DynamoDB: Global Secondary Indexes
Global Secondary Indexes (GSI) are a nice feature in DynamoDB, which allows us to create indexes on existing tables.
What are GSIs?
In DynamoDB, we create tables with Partition Keys and Sort Keys. Partition Keys dictate which partition the data is stored in, and Sort Keys dictate how the data is sorted within that Partition.
Once created, it isn’t possible to change an existing tables key structure, but you can create GSIs on existing tables.
GSIs provide us the ability to create alternative Partition and Sort Keys for DynamoDB. As a side effect, the data is stored redundantly, and hence additional storage costs will apply.
How does DynamoDB create GSIs?
GSIs are created asynchronously in the background. As the data is copied from the base table to the GSI, this can take time depending on the amount of data it has to copy.
When the data is being copied over, it does not consume any capacity units (RCUs or WCUs) from the base table.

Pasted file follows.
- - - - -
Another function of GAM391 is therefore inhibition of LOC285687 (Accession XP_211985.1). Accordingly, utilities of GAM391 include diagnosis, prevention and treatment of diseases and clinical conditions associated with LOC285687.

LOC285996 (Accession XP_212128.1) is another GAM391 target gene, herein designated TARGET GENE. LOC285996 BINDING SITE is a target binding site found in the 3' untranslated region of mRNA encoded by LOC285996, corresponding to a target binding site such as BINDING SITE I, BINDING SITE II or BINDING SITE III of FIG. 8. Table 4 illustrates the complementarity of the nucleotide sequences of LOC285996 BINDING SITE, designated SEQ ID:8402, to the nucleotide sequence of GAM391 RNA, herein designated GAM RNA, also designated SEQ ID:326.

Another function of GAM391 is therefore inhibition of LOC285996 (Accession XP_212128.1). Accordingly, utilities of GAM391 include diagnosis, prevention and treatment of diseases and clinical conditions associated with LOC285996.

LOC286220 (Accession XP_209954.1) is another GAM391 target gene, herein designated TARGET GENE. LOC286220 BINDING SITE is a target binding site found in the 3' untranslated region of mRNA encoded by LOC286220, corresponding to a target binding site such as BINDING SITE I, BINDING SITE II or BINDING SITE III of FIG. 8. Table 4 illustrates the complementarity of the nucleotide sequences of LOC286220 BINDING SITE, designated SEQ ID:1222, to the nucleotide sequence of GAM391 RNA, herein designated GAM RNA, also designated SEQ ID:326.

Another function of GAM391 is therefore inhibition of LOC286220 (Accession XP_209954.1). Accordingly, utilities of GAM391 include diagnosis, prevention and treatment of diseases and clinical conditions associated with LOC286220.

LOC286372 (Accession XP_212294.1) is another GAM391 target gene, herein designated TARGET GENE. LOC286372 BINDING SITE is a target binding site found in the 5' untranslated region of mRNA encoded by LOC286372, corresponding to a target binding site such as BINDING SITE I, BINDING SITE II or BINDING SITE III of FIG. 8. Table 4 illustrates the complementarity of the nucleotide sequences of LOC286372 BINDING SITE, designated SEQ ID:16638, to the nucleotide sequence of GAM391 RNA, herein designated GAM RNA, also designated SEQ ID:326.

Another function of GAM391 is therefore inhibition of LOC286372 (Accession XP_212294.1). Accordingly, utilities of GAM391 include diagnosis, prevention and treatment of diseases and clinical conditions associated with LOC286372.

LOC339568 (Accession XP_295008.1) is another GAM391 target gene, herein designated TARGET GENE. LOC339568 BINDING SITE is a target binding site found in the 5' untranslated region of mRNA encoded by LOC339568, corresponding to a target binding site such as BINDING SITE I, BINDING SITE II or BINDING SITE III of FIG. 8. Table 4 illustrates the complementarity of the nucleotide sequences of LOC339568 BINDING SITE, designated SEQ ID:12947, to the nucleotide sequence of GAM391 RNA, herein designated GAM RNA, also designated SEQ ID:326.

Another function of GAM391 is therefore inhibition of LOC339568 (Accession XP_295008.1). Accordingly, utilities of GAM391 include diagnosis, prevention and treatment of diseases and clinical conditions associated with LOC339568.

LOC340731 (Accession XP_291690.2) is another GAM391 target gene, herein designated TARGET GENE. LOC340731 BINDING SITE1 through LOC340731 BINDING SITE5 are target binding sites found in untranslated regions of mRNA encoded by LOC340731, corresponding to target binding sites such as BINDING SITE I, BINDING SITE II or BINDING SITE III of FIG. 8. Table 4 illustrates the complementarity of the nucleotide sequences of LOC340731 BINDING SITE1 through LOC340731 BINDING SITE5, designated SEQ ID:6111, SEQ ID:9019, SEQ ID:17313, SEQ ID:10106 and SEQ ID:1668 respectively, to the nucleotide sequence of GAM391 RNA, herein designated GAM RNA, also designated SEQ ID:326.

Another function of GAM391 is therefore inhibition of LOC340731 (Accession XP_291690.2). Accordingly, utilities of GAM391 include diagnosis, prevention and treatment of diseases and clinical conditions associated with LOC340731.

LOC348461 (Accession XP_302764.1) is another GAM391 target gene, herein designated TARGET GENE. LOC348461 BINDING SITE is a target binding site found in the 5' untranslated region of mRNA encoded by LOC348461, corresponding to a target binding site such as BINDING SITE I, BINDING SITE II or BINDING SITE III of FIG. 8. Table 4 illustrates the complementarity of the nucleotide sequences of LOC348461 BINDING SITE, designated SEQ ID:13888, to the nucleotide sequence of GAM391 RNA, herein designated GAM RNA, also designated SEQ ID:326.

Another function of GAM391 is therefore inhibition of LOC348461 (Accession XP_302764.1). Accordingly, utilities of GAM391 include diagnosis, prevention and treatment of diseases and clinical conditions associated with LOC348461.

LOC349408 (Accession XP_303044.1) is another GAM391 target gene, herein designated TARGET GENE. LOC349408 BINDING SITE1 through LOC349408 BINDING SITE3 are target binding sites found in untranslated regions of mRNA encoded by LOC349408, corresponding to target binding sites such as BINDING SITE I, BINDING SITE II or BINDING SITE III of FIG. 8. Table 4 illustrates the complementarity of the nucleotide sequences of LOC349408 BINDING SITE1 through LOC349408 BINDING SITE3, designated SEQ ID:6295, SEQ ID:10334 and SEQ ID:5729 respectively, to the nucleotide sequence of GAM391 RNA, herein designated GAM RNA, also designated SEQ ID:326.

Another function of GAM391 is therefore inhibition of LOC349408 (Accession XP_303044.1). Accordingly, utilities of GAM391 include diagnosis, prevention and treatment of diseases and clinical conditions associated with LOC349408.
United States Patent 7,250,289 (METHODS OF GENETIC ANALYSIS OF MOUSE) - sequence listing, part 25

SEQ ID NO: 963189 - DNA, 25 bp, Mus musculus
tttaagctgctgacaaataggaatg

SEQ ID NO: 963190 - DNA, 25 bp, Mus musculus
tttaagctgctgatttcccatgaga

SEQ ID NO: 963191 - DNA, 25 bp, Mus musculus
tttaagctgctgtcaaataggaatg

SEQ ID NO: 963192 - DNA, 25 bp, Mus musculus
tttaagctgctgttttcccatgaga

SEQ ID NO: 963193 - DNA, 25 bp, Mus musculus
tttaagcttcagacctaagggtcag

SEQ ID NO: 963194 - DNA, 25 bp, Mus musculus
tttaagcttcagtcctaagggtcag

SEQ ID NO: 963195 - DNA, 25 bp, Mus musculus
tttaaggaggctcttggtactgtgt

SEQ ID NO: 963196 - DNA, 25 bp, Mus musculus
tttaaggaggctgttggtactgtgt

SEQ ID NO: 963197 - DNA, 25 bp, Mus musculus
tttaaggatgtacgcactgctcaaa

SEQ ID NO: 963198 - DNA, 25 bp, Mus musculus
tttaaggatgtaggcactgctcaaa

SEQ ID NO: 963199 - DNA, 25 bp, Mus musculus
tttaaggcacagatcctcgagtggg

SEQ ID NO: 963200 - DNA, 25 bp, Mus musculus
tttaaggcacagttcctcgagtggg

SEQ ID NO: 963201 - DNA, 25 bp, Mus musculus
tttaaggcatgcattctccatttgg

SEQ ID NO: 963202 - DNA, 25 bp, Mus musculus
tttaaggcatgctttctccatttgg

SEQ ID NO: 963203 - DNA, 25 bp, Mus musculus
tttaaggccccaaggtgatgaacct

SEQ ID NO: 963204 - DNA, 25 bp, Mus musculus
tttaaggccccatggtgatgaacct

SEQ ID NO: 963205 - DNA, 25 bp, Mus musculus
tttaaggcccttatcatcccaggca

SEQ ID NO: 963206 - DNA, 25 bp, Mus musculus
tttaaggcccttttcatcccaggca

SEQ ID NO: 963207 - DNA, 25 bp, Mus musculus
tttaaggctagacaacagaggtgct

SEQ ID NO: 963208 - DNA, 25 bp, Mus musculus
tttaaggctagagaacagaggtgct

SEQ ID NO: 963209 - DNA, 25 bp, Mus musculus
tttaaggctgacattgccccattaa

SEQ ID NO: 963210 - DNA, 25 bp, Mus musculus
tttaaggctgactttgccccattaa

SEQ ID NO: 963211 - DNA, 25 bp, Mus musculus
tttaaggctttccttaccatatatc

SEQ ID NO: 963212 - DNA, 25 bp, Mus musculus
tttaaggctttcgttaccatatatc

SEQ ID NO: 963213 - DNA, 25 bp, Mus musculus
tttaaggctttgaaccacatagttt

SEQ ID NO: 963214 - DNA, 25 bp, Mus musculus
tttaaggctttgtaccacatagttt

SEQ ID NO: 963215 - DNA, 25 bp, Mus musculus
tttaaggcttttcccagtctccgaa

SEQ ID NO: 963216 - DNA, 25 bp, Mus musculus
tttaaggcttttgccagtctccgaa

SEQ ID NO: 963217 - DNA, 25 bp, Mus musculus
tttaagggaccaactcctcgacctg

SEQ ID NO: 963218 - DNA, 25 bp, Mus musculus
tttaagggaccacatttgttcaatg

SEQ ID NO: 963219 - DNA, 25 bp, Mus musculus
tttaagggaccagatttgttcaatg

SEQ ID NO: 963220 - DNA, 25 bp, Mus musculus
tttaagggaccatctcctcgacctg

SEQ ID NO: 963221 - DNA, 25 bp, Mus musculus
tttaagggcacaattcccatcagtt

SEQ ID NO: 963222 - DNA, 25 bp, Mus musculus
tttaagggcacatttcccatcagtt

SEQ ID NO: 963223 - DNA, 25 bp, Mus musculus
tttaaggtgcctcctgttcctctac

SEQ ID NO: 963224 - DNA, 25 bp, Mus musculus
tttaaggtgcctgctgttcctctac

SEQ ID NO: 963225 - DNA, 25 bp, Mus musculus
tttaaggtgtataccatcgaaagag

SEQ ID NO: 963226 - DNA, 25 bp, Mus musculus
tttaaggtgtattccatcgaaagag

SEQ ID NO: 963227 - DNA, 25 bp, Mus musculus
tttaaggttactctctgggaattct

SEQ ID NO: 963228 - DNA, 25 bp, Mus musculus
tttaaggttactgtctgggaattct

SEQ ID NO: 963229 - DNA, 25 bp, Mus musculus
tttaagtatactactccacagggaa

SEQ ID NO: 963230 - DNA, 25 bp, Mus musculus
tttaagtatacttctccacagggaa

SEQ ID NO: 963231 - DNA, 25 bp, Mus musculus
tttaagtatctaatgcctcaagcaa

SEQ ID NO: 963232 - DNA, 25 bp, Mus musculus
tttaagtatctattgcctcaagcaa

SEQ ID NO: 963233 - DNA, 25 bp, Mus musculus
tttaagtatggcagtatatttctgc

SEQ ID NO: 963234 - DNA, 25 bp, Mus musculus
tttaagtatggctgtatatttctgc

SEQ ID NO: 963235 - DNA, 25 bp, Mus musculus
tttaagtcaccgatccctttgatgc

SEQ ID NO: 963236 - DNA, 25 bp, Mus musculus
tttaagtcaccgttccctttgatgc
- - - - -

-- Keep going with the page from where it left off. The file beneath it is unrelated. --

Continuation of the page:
A n interesting little feature (although inaccurate in my tests) is the approximate creation time when creating GSIs in the dialog box:
How can I monitor GSI creation?
DynamoDB pushes metrics which allows you to monitor the progress of the GSI. The metric name is OnlineIndexPercentageProgress and reports the percentage progress of the GSI.
Key notes about GSIs
- You can have a maximum of 5 GSIs per table
- GSIs are eventually consistent, and consistent queries on GSIs are not possible.
- GSIs have their own capacity units (RCUs and WCUs), which is not shared with the base table
- GSIs are sparse indexes, which means if the Partition / Sort Key does not exist for an item in the base table, the item will not be copied to the GSI.
- This can be used to your advantage, to locate uncommon items in a large dataset.
- You can use a GSI to isolate read activity. For example, creating a GSI with the same key schema as the base table, enables you to use the GSI as a read replica with its own capacity units.